Chic Brodie (politician)

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Chic Brodie
Chic Brodie.jpg
Member of the Scottish Parliament
for South Scotland
In office
5 May 2011 – 23 March 2016
Councillor
for Parkside, Surrey Heath
In office
4 May 1995 – 4 May 1999
Personal details
Born 8 May 1944
Political party Liberal Party (1974-1988)
Liberal Democrats (1988-2010)
SNP (2010-2017)
Independent (2017-)
Alma mater University of St Andrews
Occupation Businessman

Charles "Chic" Gilchrist Brodie (born 8 May 1944[1]) is a Scottish politician, who was a SNP Member of the Scottish Parliament for the South Scotland region from 2011 until 2016. Brodie previously stood as a Liberal Democrat candidate in the 1992, 1997 and 2001 UK General Elections, and as a Liberal in the General Elections of October 1974, 1979, 1983 and 1987.[2][3]

Early life[edit]

Brodie was educated at Morgan Academy in Dundee and graduated from the University of St Andrews in 1966 with a BSc in Mathematics and Economics.

Politics[edit]

Brodie first sought election to parliament as a Liberal candidate in the October 1974 UK General Election, standing in Dundee East. He contested that seat again in 1979. He had been selected to contest to contest Glasgow Hillhead for the Liberals at the next election, a seat the party was campaigning actively in. However at the start of 1982 it's sitting MP, the Conservative Tam Galbraith died, setting up a by-election. The fledgling SDP, who had created an electoral pact - termed the 'Alliance' - with the Liberals immediately declared they wished to fight the seat and wanted for cabinet ministerRoy Jenkins to be their candidate.[4] Critical of the fact that the SDP and Liberals were 'haggling only hours' after Galbraith had died, Brodie initially declined to comment on the situation, other than to indicate he would act in the best interests of the Alliance.[4] Ultimately after talks with Jenkins in London, Brodie agreed to withdraw in his favour.[5] Jenkins would go on to win the by-election.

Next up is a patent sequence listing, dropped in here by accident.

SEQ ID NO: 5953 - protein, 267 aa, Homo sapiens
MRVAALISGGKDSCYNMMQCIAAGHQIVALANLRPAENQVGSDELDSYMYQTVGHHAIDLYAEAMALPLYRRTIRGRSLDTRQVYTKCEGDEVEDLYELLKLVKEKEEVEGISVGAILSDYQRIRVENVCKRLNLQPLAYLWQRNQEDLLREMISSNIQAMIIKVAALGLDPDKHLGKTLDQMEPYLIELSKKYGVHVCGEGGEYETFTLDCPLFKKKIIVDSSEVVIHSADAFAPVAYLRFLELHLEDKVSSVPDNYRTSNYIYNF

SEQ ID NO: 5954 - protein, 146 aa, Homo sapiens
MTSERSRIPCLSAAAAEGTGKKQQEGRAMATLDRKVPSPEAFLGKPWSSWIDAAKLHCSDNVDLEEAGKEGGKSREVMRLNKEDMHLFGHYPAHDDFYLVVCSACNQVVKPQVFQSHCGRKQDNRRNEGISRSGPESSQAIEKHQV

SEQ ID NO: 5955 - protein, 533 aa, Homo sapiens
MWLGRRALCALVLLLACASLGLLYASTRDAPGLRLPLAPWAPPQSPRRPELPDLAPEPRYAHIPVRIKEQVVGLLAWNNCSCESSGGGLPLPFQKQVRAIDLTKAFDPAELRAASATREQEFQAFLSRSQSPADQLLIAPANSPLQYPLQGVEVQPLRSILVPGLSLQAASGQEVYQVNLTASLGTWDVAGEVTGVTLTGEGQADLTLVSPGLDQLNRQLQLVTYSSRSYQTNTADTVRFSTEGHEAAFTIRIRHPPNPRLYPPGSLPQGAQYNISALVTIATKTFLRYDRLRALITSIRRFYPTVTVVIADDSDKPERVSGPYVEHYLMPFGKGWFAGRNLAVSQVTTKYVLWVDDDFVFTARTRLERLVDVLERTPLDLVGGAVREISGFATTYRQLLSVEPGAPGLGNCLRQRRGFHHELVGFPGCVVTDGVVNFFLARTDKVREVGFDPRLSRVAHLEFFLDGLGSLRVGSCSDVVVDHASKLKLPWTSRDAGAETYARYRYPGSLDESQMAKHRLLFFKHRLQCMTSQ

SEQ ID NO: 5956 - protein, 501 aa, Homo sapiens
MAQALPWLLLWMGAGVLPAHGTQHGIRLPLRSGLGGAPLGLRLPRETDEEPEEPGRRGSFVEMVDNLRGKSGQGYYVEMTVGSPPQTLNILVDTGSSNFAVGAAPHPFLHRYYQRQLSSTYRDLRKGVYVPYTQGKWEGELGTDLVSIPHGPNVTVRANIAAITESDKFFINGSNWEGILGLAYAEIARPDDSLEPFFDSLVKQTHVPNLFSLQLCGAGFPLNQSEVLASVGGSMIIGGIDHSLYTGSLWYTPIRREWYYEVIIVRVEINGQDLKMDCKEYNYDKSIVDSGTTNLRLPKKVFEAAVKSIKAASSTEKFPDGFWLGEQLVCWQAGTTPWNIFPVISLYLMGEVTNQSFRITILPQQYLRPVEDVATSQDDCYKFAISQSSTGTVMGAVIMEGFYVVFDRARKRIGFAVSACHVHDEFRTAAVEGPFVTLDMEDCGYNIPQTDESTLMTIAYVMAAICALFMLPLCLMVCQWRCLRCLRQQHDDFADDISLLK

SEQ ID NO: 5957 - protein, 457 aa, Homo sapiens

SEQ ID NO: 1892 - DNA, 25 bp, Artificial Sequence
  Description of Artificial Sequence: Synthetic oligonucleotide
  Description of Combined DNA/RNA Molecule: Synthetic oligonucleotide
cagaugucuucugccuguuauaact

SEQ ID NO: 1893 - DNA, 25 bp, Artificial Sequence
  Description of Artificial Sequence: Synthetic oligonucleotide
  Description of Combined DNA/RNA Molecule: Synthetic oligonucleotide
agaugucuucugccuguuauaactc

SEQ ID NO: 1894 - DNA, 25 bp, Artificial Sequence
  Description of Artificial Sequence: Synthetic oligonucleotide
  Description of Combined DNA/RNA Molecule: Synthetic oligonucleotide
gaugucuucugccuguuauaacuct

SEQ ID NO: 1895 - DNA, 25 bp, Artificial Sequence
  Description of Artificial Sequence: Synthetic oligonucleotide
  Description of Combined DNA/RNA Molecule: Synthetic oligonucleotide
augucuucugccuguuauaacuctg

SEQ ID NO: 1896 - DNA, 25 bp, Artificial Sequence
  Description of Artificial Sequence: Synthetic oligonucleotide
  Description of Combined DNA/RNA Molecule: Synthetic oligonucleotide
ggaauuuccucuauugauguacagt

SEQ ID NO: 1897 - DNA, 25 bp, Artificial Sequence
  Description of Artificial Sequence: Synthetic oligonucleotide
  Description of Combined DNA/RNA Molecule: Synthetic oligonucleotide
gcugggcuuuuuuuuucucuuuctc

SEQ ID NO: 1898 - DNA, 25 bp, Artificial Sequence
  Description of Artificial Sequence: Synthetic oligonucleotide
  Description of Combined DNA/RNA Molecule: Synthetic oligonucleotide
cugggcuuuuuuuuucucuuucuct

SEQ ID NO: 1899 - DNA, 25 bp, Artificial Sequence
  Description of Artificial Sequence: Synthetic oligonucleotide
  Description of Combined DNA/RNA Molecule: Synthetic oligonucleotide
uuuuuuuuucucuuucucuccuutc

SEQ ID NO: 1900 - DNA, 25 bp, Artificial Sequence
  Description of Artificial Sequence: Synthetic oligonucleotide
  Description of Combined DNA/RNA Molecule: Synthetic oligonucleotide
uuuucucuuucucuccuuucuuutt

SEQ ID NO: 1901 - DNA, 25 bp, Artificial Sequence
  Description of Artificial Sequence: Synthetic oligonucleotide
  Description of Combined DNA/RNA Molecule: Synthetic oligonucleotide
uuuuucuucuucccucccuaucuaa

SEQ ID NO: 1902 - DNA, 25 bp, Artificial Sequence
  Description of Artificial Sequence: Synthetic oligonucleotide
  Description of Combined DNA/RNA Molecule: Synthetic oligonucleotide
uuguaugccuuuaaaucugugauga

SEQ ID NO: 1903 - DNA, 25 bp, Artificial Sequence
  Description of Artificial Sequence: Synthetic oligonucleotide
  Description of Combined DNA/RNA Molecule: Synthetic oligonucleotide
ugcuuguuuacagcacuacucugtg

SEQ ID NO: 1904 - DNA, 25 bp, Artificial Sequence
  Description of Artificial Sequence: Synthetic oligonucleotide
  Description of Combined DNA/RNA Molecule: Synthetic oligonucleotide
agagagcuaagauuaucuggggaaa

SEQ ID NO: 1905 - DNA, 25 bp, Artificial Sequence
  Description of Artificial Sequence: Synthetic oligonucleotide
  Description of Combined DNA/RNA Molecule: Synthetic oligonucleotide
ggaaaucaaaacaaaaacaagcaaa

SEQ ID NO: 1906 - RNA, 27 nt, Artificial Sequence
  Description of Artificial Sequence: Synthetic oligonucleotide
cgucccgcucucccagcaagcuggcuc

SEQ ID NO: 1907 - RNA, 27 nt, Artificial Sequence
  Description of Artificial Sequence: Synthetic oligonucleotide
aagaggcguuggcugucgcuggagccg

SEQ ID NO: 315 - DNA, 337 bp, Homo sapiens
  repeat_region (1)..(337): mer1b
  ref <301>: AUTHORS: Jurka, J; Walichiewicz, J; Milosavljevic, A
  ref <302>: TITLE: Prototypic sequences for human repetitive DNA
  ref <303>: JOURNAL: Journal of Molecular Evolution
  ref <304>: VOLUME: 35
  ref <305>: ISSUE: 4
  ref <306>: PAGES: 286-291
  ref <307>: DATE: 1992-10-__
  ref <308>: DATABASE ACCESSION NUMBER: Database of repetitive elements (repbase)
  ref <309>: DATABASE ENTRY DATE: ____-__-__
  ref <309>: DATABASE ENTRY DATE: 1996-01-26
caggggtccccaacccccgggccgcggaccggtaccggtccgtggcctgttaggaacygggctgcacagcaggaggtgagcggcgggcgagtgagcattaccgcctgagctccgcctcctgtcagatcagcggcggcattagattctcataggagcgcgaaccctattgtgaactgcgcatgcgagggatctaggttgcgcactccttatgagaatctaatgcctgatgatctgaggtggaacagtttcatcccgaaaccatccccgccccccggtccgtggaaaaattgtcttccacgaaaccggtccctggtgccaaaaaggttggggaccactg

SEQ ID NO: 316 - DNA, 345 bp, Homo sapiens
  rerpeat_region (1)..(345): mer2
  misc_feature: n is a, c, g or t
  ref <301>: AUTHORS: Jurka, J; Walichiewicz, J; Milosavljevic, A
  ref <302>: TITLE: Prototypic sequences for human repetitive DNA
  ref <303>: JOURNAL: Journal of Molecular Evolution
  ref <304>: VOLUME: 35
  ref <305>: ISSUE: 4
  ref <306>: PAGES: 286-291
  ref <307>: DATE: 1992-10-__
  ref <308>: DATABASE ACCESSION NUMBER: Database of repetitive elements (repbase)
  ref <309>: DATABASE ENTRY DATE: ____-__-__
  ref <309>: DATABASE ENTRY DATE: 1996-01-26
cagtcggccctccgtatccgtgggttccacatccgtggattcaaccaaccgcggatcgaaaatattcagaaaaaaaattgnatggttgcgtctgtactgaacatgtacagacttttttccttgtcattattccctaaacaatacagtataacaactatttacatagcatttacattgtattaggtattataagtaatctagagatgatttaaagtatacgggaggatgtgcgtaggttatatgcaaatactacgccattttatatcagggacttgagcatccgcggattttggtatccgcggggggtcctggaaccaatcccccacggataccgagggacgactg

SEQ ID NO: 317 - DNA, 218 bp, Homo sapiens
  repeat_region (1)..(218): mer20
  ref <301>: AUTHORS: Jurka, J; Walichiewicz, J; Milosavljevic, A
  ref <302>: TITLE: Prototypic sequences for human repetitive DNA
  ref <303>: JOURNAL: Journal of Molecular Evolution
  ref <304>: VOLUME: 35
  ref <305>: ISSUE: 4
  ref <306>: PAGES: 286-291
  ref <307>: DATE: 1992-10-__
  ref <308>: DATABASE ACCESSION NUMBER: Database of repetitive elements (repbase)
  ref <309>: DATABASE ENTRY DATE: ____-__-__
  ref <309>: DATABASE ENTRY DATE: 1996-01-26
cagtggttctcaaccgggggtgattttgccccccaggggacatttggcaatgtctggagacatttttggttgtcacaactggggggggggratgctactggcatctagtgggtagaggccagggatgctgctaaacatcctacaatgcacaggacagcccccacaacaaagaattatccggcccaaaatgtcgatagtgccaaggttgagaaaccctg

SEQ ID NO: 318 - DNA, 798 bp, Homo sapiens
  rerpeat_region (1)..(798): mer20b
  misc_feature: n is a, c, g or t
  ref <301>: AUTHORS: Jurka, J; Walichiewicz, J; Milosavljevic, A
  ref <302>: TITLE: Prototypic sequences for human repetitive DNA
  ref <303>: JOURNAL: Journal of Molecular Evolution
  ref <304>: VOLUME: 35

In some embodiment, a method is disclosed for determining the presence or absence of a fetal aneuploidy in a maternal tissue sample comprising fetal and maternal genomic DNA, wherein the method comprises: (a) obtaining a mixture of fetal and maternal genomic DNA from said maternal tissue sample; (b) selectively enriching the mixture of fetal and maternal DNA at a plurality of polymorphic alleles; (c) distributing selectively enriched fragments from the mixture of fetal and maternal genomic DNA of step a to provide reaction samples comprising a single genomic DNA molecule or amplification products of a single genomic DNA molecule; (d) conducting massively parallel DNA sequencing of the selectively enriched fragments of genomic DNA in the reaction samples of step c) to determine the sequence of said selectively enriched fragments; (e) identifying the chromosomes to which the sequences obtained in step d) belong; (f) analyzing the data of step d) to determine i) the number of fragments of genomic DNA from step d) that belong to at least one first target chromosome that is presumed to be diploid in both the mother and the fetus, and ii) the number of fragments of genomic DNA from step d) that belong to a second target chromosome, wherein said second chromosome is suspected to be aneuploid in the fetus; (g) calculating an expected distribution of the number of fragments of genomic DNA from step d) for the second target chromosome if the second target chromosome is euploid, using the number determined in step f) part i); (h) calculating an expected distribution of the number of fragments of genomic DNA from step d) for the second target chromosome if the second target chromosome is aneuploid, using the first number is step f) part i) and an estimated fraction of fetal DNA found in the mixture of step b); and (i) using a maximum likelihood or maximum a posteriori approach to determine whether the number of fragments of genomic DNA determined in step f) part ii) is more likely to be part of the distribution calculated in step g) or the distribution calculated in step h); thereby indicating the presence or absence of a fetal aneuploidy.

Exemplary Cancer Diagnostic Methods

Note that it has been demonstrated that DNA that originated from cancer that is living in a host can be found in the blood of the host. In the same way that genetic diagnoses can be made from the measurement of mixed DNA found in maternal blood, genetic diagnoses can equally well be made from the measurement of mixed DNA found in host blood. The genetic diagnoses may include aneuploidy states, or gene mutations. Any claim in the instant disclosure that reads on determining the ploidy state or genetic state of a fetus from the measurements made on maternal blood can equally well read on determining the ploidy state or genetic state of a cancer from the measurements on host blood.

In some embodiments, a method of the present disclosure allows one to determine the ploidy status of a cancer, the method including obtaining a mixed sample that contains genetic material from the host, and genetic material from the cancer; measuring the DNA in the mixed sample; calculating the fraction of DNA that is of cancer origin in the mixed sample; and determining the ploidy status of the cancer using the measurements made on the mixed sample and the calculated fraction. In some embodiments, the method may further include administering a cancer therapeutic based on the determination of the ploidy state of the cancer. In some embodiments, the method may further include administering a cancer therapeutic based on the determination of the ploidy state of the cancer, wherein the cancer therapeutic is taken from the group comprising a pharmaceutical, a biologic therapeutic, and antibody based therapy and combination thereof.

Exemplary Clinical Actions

Following the merger of the Liberals and the SDP, he then contested Ayr in 1983 and North West Surrey in 1987. Brodie stood as a Liberal Democrat/SDP candidate in Surrey Heath's Old Dean ward in the 1987 local election, finishing third with 475 votes.[6] In the 1991 local election he then stood in Surrey Heath's Bisley and Heatherside wards, finishing second and fourth respectively with 363 votes in Bisley and 879 votes in Heatherside.[6] He fought Glasgow Garscadden in the UK Parliament as a Liberal Democrat at the 1992 election, finishing in fourth place in the seat held by then Shadow Scottish Secretary Donald Dewar.[3] Brodie was eventually elected in Surrey Heath's Parkside ward at the 1995 local election, coming second with 628 votes.[6]

Brodie stood as the Liberal Democrat candidate for Perth in the 1997 General Election. In the 2001 General Election Brodie stood for the Liberal Democrats in Greenock and Inverclyde, finishing second with 5,039 votes. He then switched parties to the Scottish National Party, first standing for them in the 2010 general election for Ayr, Carrick and Cumnock, where he finished in third place moving ahead of the Liberal Democrats who took fourth.

Scottish Parliament[edit]

Brodie was an SNP candidate in the 2011 Scottish Parliament general election. He was not successful in the constituency vote for Ayr, but was returned on the regional list as an MSP for South Scotland.